1) Africa’s share of world agricultural GDP and world agricultural trade has increased.Between 2005–2017, Africa’s share of world GDP went from 2.6% to 3.0%. For agriculture, Africa’s share increased from 10% in 2005 to 12% in 2017.

2) Africa has strong comparative advantages in some products. This includes traditional cash crops like coffee, cocoa and tea, as well as new products like legumes, pulses and sesame seeds that are important to many African countries, including least developed country (LDC) economies like Burkina Faso, Chad, Ethiopia, Niger, Togo and South Sudan.

3) Market share analysis shows that African agriculture has strong adaptation capacity. Many countries have seen their world market share in agriculture increase over the last 10 years.

Thirty-one have increased that market share, with the largest absolute gains for Algeria, Côte d’Ivoire, Egypt, Ghana, Morocco and Nigeria, and the LDC countries of Benin, Ethiopia, Guinea-Bissau, Madagascar, Mozambique, Rwanda, Senegal, Somalia, Tanzania and Uganda.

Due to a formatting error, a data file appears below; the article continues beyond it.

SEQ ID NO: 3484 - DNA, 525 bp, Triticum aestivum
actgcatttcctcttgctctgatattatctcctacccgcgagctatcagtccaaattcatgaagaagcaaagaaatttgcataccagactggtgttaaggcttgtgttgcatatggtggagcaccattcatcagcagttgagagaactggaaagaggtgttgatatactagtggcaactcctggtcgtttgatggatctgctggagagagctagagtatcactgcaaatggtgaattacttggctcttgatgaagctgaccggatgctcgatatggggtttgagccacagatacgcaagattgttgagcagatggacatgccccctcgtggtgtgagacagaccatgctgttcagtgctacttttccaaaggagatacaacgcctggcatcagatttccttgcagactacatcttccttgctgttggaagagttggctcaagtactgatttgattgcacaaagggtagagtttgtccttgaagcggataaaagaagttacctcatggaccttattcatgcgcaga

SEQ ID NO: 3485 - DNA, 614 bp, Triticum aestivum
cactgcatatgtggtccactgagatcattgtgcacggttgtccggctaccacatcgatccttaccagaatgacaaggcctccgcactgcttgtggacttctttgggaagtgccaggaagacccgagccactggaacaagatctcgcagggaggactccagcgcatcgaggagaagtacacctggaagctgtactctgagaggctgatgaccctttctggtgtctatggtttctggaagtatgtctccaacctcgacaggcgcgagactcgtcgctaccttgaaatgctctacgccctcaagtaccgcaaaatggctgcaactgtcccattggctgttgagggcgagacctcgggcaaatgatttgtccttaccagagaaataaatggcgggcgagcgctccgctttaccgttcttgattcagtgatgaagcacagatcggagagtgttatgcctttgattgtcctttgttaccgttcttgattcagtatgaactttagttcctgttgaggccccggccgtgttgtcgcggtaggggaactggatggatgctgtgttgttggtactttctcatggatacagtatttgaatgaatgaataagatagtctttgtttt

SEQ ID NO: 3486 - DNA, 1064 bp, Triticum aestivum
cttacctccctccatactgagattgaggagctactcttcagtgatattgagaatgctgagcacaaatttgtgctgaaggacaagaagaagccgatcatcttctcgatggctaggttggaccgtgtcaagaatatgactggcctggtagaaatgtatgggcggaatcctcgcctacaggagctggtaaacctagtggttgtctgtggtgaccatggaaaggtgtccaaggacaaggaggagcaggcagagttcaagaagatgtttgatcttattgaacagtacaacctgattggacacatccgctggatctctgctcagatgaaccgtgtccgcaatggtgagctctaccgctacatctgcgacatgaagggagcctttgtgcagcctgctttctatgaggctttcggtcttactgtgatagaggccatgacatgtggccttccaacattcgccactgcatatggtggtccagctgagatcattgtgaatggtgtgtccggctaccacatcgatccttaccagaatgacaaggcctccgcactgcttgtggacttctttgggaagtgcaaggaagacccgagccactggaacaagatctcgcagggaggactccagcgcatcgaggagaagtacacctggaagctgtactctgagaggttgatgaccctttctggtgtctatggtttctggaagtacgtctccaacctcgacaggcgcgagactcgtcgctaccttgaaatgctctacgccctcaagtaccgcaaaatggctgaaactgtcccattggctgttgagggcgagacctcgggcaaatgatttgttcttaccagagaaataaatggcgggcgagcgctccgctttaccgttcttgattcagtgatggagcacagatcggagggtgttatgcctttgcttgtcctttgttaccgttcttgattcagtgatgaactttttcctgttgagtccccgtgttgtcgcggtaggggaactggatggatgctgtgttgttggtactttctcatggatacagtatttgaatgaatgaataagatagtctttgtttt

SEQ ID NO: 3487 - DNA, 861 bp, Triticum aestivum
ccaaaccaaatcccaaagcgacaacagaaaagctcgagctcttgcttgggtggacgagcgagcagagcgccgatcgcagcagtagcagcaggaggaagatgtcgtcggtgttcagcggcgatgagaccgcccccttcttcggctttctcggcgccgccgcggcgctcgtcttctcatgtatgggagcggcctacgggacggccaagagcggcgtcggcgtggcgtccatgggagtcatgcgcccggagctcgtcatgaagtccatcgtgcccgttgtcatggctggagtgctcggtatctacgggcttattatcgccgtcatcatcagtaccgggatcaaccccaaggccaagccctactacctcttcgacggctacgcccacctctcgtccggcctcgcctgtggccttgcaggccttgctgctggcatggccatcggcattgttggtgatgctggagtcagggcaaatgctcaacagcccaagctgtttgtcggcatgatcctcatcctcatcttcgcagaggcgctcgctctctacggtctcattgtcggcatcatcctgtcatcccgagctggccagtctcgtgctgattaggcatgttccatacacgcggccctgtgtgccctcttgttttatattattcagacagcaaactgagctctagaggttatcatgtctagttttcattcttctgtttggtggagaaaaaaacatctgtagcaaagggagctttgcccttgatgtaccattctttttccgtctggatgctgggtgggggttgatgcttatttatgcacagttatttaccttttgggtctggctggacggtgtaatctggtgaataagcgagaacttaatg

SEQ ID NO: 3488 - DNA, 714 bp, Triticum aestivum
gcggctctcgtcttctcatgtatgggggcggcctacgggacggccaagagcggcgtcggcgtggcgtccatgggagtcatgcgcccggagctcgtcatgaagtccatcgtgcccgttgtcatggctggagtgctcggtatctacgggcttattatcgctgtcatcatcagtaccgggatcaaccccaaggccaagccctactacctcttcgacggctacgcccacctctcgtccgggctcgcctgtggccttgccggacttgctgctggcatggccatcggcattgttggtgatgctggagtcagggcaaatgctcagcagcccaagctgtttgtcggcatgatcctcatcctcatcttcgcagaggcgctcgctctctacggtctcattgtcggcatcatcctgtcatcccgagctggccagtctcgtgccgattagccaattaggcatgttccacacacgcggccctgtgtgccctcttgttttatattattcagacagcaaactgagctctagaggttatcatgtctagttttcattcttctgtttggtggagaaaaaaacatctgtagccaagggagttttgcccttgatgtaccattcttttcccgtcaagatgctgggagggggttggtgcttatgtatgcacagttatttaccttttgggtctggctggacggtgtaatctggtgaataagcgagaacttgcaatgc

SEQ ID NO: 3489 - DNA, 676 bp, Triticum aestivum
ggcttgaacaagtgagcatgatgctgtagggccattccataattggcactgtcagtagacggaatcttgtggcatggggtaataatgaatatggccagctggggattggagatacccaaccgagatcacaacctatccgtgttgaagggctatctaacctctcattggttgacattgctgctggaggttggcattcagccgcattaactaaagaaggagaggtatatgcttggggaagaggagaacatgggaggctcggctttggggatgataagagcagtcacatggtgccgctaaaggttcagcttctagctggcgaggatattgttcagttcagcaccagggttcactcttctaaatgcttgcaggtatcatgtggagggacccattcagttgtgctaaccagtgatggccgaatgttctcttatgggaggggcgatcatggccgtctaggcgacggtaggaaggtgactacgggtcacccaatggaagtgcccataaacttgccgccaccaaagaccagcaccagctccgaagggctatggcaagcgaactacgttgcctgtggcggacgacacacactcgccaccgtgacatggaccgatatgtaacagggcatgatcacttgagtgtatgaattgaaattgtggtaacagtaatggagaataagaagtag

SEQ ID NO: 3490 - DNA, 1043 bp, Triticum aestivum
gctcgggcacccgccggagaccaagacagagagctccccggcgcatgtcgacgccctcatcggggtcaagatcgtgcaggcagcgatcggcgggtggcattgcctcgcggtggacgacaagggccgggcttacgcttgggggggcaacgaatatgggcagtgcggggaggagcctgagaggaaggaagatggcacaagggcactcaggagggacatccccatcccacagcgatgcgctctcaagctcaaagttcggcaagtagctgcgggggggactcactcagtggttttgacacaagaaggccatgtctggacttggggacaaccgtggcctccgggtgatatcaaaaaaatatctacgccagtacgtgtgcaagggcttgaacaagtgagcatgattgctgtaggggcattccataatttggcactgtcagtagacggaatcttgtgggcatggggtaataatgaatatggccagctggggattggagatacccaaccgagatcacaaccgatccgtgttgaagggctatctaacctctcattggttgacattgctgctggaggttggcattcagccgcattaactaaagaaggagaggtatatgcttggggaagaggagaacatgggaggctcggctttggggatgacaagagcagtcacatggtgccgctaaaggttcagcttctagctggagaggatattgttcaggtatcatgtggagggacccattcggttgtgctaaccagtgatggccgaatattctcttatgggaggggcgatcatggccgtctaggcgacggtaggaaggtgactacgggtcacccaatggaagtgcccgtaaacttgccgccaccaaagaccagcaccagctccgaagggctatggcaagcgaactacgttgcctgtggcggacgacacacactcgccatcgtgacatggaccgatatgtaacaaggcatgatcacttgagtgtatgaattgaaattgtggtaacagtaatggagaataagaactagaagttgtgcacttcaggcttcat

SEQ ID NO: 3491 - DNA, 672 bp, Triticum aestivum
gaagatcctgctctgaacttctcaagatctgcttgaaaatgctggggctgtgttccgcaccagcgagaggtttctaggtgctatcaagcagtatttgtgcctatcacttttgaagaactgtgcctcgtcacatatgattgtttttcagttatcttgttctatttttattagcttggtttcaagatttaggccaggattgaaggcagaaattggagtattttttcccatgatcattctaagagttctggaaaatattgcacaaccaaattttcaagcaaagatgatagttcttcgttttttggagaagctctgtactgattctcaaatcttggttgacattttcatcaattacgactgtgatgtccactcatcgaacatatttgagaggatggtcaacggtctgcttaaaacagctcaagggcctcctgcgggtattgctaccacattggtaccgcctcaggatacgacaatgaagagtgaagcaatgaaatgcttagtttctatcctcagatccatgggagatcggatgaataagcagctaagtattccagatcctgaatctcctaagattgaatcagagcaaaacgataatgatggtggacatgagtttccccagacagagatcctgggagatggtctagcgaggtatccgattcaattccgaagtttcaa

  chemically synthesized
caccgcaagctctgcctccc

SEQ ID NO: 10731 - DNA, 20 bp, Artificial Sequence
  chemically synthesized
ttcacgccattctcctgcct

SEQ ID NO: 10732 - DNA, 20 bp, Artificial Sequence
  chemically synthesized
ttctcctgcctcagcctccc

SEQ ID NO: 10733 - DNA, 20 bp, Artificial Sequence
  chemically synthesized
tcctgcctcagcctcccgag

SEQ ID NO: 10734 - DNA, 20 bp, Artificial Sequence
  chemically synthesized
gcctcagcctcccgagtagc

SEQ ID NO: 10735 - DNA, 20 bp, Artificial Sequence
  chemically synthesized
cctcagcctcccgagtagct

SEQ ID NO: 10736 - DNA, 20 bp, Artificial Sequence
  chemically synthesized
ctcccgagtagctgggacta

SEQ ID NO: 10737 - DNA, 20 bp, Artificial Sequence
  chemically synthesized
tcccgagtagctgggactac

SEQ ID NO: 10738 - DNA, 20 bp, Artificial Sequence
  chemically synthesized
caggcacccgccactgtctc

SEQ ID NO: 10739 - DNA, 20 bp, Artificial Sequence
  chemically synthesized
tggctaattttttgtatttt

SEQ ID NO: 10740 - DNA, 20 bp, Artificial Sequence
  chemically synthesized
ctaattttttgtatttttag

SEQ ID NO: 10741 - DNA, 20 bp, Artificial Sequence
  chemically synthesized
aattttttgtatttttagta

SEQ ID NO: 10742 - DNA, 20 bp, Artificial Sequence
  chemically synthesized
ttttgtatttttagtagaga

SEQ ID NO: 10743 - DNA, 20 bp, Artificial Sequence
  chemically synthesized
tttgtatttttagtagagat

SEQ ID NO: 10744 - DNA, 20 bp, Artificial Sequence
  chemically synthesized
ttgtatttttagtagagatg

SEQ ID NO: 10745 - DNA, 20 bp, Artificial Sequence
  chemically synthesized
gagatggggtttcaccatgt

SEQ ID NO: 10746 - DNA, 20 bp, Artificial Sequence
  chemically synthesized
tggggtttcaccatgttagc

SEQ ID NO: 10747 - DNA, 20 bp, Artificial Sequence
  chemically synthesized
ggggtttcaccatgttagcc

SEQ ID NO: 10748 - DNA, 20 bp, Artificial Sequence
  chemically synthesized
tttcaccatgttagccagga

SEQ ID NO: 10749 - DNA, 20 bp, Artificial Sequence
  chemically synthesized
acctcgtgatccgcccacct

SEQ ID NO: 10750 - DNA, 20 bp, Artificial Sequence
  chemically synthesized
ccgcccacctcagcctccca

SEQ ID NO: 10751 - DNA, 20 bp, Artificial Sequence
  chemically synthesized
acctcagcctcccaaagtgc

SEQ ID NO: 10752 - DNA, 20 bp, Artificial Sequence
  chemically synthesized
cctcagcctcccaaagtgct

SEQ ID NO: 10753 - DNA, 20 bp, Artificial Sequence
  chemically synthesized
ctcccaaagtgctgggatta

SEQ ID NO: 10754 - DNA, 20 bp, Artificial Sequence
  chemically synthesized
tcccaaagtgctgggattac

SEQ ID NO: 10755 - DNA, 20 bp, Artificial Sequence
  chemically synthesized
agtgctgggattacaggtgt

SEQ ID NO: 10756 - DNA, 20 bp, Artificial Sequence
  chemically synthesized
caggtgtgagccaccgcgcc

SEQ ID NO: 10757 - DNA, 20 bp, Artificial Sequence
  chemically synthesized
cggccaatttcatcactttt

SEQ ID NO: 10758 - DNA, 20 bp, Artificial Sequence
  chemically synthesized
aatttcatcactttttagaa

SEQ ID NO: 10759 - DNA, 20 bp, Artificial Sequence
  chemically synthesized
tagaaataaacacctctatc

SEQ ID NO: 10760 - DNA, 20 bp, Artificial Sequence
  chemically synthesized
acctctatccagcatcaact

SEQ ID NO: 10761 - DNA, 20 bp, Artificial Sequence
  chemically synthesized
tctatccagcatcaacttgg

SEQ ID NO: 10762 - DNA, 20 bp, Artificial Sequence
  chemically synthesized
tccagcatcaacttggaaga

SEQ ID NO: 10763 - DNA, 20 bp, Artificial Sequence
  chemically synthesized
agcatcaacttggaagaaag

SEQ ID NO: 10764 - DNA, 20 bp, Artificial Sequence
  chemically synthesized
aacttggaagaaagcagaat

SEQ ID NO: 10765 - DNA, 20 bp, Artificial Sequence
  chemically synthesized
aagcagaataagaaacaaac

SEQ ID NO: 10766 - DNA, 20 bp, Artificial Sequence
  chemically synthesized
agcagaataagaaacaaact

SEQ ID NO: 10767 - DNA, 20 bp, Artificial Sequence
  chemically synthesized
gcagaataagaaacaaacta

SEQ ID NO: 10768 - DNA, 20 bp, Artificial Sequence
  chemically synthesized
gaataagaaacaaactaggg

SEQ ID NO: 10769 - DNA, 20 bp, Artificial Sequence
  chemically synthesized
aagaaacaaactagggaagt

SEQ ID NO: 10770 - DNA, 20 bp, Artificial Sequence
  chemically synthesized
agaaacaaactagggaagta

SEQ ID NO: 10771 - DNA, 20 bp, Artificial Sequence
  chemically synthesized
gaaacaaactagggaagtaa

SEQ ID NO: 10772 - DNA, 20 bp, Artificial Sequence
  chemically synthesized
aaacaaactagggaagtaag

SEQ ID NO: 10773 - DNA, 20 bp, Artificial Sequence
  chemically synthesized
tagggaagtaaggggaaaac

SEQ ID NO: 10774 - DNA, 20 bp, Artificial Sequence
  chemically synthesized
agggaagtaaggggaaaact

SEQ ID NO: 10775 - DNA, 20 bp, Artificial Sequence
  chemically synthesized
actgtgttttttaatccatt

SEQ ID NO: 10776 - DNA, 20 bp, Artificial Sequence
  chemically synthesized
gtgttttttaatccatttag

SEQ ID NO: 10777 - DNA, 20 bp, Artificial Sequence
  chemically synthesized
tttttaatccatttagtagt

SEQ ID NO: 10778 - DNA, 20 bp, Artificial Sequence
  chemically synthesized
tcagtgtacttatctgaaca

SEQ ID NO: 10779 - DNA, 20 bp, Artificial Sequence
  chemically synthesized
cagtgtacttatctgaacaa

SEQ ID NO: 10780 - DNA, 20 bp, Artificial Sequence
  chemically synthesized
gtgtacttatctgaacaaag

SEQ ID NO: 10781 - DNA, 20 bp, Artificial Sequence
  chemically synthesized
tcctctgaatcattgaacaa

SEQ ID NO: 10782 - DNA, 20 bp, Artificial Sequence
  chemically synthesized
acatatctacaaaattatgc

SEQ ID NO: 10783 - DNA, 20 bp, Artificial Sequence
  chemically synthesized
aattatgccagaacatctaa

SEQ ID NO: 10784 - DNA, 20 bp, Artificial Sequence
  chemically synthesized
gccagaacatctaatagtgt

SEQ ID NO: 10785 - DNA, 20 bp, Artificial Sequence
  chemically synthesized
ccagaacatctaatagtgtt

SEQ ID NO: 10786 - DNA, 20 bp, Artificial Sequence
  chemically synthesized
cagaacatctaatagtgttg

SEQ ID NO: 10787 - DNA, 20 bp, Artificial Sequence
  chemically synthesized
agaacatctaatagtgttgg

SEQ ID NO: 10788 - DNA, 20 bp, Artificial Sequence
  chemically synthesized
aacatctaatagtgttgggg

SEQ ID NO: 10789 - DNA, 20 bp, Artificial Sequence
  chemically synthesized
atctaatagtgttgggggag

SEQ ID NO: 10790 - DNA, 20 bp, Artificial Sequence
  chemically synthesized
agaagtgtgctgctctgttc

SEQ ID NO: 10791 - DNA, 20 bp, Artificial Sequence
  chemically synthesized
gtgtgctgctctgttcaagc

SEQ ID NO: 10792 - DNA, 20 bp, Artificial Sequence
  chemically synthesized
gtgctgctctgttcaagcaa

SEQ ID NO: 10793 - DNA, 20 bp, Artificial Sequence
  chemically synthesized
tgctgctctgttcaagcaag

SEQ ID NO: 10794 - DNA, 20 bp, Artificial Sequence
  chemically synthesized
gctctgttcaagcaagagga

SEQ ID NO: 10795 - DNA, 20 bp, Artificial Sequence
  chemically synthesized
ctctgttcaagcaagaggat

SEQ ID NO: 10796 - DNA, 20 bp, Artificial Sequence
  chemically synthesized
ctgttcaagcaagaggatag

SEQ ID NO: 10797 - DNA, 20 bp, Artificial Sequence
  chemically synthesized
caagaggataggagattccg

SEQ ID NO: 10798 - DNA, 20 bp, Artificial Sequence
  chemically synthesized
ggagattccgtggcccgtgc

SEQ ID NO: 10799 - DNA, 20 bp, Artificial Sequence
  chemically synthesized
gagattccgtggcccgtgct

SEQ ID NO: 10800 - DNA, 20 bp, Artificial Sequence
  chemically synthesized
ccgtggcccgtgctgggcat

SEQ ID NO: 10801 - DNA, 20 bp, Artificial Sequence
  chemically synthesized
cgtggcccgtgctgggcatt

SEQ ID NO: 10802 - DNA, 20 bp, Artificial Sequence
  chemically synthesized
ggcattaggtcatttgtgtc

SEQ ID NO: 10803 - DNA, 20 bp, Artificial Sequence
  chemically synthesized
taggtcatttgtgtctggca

As to the report’s other findings:

1) There is a lack of product diversification on the export side. There are low levels of agricultural export diversification in all African countries that are dependent on a small number of commodities. The low Global Sectoral Diversification Index (GSDI) of exports shows that most countries export some commodities that are not exported much by the rest of the world.


Sectoral diversification of agriculture exports

 The left graphic displays the average number of equivalent sectoral markets, and the right graphic displays the average Global Sectoral Diversification Index (GSDI) over 2016-2017.


2) African exports are dominated by primary exports. To foster agricultural transformation, it is essential that African countries develop their agribusiness sectors to diversify exports and develop comparative advantages beyond the primary stage of production.